“Baby related, it is hardish foam. What is it?”
Answer: It is a door stopper, to stop fingers from getting caught when a door slams.
“A miniature mask I found in New Zealand. Any ideas?”
Answer: Balinese ‘yawning’ dance mask. It looks like a miniature version of the actual masks used in Balinese dance performances.
“On the underside of our cabinet in a house we recently bought, built in the 70s. Plastic with metal teeth on one side, very dull. Each side is ~4 inches long.”
Answer: Jar opener.
“What are these structures? They’re all over the public parks in my city. The inside edge of each ring has 2 hooks on either side, so they seem to have a purpose beyond public art.”
Answer: I think it is a hammock stand used for swinging, sleeping, or resting.
“I found this wooden object as I was standing on a beach in Miraflores, Lima, Peru.”
Answer: That’s a ceremonial chonta. It’s a traditional healer thingy.
“Hollow silver oval found in our kitchen drawer, we don’t remember buying it.”
Answer: Stainless steel soap. It’s to rub on your hands after chopping onions or garlic. It gets the smell off.
“Spinning wind turbine clipped onto telephone/power lines, was near some road works if that helps?”
Answer: Bird flight diverter which provides an economical means of reducing the hazard to both lines and birds.
“There are about 6 or 7 of these around the local park, 2 inside the running track, and the rest outside, UK. What are these?”
Answer: They are vents for underground gasses.
“Found this near a military camp in the woods in the Netherlands. Can anybody tell me what it is? It has 9 beads on the bottom and 4 on top.”
Answer: They are called ranger beads. They are used to count distance through a known pace.
“Found in my backyard in East Nashville, Tennessee.”
Answer: It’s a decent fit for Hopewell Indian culture arrows from about 2,000 years ago.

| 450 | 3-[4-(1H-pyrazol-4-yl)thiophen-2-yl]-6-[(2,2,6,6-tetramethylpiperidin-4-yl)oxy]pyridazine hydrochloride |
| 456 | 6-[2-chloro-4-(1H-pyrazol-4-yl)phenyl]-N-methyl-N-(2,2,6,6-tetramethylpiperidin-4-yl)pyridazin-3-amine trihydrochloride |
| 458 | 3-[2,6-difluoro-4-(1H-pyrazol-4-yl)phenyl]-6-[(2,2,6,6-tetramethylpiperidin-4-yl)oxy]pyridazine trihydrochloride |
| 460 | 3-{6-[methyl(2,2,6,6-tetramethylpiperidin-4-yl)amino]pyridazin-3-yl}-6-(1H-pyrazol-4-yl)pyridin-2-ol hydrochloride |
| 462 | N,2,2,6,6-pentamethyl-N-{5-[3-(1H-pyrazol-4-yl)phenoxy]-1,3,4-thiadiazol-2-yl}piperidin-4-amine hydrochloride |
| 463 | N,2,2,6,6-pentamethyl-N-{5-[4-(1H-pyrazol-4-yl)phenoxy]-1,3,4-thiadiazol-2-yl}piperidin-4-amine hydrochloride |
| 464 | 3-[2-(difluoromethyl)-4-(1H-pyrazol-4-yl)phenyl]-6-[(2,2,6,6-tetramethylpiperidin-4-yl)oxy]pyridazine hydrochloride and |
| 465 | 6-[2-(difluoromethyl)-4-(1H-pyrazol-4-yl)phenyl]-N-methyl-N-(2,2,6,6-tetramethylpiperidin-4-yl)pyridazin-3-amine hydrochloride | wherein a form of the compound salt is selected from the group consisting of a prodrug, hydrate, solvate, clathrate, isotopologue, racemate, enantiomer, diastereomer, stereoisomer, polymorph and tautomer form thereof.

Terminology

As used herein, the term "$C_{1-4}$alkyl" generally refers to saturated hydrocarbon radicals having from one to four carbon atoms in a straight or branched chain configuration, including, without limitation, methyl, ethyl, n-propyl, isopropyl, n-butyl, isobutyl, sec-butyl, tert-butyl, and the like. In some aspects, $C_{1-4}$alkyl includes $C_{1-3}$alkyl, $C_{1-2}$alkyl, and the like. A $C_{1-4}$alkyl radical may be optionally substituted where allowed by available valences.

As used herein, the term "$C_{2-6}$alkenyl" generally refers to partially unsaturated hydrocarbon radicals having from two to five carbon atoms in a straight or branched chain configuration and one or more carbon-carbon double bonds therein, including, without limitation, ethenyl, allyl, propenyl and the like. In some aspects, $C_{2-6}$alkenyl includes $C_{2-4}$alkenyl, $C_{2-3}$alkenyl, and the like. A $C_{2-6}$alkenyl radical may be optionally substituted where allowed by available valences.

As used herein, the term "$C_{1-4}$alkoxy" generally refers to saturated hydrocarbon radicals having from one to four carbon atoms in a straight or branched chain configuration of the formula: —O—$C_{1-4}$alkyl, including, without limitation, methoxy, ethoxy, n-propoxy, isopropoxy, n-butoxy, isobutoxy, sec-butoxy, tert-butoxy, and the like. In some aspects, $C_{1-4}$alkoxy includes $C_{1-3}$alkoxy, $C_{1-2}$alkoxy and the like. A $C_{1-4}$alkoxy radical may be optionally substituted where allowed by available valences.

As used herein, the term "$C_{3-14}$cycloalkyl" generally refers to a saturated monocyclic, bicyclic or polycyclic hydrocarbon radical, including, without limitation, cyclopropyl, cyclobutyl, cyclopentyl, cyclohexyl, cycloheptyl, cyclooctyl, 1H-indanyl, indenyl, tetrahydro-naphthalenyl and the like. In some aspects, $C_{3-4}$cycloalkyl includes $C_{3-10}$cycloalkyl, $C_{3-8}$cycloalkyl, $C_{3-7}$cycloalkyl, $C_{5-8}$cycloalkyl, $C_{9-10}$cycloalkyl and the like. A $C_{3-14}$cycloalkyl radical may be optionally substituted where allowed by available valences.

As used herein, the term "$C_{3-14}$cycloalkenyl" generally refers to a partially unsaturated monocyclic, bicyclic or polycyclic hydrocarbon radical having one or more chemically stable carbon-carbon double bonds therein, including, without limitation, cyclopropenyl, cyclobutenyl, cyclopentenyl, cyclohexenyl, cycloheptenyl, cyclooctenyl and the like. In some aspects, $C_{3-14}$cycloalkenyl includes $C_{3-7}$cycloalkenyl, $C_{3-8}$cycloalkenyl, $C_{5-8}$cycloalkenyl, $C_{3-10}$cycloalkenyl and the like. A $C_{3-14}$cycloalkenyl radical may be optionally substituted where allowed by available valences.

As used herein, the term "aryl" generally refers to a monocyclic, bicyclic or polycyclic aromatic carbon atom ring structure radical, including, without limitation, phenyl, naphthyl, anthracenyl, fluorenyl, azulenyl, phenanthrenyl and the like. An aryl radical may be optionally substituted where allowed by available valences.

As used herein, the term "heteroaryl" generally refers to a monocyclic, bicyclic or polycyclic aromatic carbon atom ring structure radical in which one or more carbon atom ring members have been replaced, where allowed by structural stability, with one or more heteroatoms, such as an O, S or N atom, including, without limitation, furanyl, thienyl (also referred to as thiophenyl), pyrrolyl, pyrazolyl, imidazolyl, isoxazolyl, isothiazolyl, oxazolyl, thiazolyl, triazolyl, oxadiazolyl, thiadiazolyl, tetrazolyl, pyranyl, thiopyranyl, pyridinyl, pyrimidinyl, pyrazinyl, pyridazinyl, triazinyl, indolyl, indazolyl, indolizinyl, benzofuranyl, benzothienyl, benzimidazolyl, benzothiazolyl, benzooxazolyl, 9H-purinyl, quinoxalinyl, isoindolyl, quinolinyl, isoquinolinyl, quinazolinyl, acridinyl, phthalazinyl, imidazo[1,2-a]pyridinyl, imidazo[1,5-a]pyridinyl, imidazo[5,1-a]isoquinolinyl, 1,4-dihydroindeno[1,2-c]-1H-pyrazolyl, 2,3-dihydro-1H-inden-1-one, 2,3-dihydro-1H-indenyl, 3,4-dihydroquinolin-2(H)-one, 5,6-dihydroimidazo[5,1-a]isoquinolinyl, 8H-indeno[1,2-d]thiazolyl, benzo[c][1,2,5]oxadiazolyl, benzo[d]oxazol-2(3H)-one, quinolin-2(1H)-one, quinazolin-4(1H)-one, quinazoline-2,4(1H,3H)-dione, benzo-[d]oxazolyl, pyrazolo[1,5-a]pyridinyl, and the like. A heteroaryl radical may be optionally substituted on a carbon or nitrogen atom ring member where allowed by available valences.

“Found this thing while digging in the garden, in the south of the Netherlands.”
Answer: It’s a Roman oil jar made of terracotta.
“What kind of axe is this supposed to be? All I know is that it is from Japan!”
Answer: This isn’t an axe. It’s a delimbing tool. You use it to reach high limbs and cut them with a swift pass. These things are razor sharp.
“Found this leaking in my basement today. It’s hooked up to the water line but doesn’t seem to serve any purpose.”
Answer: It’s a sediment filter with a very old filter cartridge inside.
“Found this and I have no clue what it is. Anyone recognize this thing?”
Answer: It’s a very old audio head demagnetizer.
“What is this thing?”
Answer: It is called a spacer wheel or chair. It’s meant to hold rebar in place prior to pouring the concrete.
“Anybody know what this is?”
Answer: Double inkwell which was commonly used in the 19th century.
“Found this in my garden, no clue what it is.”
Answer: This is an electrostatic animal guard. When an animal touches the spokes, it receives an electric shock.
“My uncle found this and has no clue what it is. I don’t have a lot of information, but it’s clear and just has these holes in it.”
Answer: Flower “frog” for arranging flowers. It uses a number of holes that stems could be fit through for arranging.
“What is this yellow thing? They appear to be made of aluminum and are on a lot, if not most, of the telephone poles around here. I’m located in southeast Pennsylvania.”
Answer: These yellow mesh objects are called grid reflectors. Their purpose is to help motorists see and avoid utility poles.
“Was going through my family’s fine China cupboards and came across this weird cup thing.”
Answer: I believe it is a shaving scuttle, which is used to keep soap lather warm and ready for multiple passes.